RADOM , city in Kielce province, Poland. The first Jews to visit Radom mainly traveled there as representatives of the Jewish communities at the sessions of the Polish Sejm (Diet) or to negotiate with the tribunal of the treasury, which met at Radom between 1613 and 1764. Jewish residence in the city was banned in 1633, 1724, and 1746; a few Jews settled in the suburbs and numbered 67 by 1765. They were later permitted to reside in a special quarter. The settlement began to develop after 1814, and an organized community was formed; a cemetery was established in 1831 and the first synagogue built in 1884. The community increased from 413 in 1815 (about 16% of the total population) to 1,495 in 1856 (23%); 11,277 in 1897 (37.6%); 24,465 in 1921 (39.7%); and 25,159 in 1931 (23.3%). Before World War i and during the period between the two world wars Jews played a considerable role in the development of commerce and industry in Radom, both as entrepreneurs and employed workers. Jewish organizations in 1925 included a merchants' and artisans' bank and trade unions; there were numerous welfare institutions, including the hospital, founded in 1847, and an old age home, founded in 1913. Religious and secular educational and cultural needs were met by yeshivot, the first founded in 1908, the talmud torah, and prayer houses (shtiblekh) for the ḥasidic community, as well as schools of various types, including a high school, and five libraries. Periodicals published in Radom during the inter-war period were the Yiddish daily Radomer Tsaytung until 1925; the weekly Radomer Lebn, later Radomer-Keltser Lebn; Radomer Shtime; and Trybuna (in Polish). The first rabbi of the community officiated at the beginning of the 19th century. Rabbis of note were Samuel *Mohilewer and Simḥah Treistman (1904–13), later rabbi of Lodz.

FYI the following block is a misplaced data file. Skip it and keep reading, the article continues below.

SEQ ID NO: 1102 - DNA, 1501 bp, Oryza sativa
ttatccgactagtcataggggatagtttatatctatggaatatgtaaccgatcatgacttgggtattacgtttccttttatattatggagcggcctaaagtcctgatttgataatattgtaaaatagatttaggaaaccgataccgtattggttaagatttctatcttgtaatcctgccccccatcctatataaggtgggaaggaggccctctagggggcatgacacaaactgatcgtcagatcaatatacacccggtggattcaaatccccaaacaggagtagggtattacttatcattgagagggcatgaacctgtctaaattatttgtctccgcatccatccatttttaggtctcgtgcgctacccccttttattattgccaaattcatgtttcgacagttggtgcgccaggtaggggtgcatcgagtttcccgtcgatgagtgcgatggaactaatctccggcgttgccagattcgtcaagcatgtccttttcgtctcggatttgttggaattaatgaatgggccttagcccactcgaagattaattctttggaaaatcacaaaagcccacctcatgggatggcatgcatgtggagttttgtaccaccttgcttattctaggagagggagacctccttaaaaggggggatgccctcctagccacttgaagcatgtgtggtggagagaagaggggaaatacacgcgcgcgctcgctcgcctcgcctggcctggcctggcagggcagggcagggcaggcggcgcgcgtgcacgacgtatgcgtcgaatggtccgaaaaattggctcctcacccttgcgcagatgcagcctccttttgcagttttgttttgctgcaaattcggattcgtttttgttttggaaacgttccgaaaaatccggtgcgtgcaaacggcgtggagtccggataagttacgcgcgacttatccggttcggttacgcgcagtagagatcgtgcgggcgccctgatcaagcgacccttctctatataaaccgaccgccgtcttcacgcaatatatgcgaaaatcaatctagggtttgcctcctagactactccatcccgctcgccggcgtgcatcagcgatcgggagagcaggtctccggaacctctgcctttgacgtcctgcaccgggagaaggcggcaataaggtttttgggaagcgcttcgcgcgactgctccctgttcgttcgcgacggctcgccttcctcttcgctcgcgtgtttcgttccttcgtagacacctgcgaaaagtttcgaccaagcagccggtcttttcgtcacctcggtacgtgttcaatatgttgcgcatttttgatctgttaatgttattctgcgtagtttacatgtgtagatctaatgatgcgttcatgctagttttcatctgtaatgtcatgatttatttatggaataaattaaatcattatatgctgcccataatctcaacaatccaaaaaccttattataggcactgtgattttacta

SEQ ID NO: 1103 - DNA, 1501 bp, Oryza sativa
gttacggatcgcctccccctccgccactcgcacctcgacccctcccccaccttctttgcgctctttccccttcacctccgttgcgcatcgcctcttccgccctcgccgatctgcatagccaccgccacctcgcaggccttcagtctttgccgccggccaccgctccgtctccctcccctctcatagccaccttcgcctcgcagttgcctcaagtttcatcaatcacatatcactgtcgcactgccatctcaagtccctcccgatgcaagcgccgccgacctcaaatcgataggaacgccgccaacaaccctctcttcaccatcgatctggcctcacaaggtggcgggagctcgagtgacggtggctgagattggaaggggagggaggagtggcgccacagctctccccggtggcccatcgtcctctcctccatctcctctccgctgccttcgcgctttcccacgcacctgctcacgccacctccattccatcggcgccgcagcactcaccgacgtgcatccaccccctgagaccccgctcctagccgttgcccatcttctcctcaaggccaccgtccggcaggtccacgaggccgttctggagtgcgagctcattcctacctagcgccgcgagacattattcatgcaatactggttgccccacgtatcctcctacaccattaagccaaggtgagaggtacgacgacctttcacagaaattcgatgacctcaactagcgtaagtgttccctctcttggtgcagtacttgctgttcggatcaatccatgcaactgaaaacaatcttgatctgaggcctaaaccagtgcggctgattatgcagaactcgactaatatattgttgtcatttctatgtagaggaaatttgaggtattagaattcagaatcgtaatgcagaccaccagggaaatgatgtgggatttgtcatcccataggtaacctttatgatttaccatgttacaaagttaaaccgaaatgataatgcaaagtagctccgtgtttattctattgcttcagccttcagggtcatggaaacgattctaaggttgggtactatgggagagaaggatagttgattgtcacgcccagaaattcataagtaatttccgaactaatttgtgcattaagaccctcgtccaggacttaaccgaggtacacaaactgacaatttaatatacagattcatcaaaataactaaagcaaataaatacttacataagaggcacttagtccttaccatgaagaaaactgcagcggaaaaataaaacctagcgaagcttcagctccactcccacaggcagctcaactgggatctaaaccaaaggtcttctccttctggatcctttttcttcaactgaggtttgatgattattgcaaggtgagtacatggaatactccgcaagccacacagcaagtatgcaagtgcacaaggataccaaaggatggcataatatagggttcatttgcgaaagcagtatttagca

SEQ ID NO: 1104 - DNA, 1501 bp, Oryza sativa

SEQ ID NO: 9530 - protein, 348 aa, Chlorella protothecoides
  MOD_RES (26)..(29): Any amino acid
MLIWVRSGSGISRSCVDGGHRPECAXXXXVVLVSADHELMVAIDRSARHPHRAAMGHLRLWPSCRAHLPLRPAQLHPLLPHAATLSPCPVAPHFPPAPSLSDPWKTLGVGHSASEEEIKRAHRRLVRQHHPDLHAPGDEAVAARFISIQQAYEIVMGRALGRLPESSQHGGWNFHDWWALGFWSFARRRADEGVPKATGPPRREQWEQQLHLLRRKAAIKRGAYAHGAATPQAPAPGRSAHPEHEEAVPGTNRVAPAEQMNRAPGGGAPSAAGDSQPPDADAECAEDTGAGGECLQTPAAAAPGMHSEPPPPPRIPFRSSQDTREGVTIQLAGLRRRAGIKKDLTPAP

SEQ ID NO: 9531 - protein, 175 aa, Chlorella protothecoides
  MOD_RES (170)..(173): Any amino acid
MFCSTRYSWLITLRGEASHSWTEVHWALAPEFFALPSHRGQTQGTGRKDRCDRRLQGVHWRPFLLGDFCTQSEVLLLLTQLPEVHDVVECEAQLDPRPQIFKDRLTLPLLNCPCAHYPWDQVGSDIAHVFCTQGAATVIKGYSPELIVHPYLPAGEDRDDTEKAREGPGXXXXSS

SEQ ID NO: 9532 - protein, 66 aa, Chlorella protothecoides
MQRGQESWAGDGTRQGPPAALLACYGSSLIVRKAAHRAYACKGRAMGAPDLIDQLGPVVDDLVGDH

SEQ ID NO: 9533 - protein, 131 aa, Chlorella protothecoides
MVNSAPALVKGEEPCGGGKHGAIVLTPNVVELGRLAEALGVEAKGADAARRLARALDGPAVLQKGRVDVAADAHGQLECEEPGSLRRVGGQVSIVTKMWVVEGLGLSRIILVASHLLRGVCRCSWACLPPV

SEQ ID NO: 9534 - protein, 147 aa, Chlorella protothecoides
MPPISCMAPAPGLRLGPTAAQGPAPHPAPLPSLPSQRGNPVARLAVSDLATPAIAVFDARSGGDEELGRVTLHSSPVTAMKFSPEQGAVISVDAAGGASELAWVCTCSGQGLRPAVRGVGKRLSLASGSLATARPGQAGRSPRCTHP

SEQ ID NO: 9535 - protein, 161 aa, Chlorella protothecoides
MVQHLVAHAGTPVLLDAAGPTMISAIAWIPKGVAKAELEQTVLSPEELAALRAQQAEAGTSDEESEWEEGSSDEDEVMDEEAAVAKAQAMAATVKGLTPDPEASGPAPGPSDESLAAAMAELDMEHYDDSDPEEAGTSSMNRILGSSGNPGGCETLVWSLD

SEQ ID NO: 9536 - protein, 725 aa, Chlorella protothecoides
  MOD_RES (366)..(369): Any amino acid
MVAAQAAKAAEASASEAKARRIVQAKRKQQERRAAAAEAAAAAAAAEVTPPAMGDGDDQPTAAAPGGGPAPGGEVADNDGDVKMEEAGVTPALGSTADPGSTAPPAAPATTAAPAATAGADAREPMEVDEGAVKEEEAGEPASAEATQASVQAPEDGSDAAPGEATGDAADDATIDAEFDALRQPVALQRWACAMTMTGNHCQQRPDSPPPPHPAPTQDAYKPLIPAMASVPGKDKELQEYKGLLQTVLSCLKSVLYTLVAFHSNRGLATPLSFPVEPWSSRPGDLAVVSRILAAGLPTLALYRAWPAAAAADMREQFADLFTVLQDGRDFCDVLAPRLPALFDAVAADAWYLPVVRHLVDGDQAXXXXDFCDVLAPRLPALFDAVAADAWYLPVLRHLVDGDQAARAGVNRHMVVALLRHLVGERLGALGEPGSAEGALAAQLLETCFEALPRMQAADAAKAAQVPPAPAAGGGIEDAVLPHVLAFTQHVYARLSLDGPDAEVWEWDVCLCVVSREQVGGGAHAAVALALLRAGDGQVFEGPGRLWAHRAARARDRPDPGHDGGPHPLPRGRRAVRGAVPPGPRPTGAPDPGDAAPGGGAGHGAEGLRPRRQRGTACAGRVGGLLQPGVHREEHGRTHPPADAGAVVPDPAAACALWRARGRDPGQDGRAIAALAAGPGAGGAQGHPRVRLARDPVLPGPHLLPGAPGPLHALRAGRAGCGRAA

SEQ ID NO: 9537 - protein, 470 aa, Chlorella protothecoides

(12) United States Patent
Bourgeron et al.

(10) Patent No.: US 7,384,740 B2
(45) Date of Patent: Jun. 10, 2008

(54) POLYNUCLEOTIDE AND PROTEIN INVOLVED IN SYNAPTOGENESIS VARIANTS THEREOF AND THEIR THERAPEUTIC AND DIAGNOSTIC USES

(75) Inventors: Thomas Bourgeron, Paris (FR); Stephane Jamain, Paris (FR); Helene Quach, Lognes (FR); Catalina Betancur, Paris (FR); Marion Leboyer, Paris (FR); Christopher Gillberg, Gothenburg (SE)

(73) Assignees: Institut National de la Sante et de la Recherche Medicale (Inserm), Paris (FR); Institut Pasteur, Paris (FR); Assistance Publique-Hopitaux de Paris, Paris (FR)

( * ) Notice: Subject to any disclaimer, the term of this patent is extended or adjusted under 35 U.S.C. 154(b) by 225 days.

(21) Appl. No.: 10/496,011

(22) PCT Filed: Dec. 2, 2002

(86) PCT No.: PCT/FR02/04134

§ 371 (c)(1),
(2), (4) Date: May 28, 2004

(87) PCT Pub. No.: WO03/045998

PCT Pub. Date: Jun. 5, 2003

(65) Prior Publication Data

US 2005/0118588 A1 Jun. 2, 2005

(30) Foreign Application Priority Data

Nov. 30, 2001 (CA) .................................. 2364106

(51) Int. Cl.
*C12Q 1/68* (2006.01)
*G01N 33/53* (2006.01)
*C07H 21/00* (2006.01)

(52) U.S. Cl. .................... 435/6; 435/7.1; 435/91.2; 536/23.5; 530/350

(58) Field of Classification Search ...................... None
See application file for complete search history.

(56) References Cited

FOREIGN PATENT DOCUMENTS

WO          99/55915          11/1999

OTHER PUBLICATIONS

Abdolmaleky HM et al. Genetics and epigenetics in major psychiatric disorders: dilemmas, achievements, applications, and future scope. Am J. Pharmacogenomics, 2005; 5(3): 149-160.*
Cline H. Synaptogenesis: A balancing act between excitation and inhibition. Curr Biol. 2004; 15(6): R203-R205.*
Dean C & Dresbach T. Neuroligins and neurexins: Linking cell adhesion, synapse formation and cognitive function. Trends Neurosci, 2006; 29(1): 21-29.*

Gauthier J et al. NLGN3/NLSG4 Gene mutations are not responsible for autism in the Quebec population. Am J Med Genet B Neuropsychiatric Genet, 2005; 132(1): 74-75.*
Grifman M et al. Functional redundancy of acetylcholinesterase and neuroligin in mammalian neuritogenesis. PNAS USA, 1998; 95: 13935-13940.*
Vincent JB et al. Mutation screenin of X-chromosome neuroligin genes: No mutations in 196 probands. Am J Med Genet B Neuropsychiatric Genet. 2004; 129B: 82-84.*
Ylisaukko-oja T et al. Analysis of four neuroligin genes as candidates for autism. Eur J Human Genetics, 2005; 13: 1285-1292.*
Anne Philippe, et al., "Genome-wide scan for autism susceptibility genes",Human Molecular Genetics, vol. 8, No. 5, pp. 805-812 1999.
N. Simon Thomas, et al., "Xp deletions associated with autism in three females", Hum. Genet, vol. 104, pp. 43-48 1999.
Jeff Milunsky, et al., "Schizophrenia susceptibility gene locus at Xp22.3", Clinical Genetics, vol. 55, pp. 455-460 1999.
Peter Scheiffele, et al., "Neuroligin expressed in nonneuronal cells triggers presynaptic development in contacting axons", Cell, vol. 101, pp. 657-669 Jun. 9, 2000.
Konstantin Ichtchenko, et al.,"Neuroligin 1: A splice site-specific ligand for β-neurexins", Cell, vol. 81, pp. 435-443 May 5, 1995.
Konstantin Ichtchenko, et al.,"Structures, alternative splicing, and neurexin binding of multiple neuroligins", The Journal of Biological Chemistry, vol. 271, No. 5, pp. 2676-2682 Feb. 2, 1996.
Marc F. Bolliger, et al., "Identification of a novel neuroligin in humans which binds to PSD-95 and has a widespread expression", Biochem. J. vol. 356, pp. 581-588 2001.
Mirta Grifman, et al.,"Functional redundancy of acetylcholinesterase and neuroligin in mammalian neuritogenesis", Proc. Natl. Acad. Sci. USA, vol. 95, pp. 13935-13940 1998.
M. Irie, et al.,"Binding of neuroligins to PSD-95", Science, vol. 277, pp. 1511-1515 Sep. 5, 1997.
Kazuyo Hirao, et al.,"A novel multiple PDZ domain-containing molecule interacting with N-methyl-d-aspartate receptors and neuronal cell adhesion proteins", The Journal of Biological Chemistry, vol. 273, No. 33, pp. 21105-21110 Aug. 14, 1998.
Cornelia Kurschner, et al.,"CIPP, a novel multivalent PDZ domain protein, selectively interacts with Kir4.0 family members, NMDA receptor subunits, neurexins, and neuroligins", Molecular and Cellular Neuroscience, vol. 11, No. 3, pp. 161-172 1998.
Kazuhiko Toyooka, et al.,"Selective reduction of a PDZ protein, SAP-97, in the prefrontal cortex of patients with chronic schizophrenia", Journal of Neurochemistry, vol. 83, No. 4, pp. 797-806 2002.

In 1939 over 30,000 Jews, comprising 30% of the total population, lived in Radom. During the German occupation it was the capital of the Radom District in the General Government. The German army entered the city on Sept. 8, 1939, and immediately subjected the Jewish population to persecution. During the first months of German occupation, about 2,000 Jews from the Poznan and Lodz provinces were expelled to Radom. In turn, 1,840 Jews from Radom were expelled to the smaller towns in the Kielce Province (December 1939). In August about 2,000 young men and women were deported to slave labor camps, where almost all of them perished. In March 1941 a decree for the establishment of the ghetto was issued and by April 7, 1941, the entire Jewish population was concentrated in two separate ghettos. At the beginning of 1942 the Nazis conducted a number of terror actions within the ghettos, among them an action of February 19 ("bloody Thursday") when 40 men were shot, and on April 28, when 70 men were killed and hundreds deported to the concentration camp in *Auschwitz. On Aug. 5, 1942, the smaller ghetto was liquidated and its inhabitants (almost 10,000 people) were deported to *Treblinka death camp. On Aug. 6–17, 1942, the larger ghetto was liquidated and its 20,000 Jews dispatched for extermination. Within the part of the ghetto that was transformed into a slave labor camp (the "small ghetto"), only about 4,000 Jews remained. On Dec. 4, 1942, about 800 inmates of this camp were deported to Szydlowiec and afterward exterminated. On Jan. 13, 1943, another 1,500 prisoners were deported to Treblinka. On Nov. 8, 1943, the prisoners of the "small ghetto" were transferred to the newly established forced labor camp in the town. On July 26, 1944, all but 300 prisoners were deported to Auschwitz, where only a handful survived. The last 300 prisoners were liberated on Jan. 16, 1945.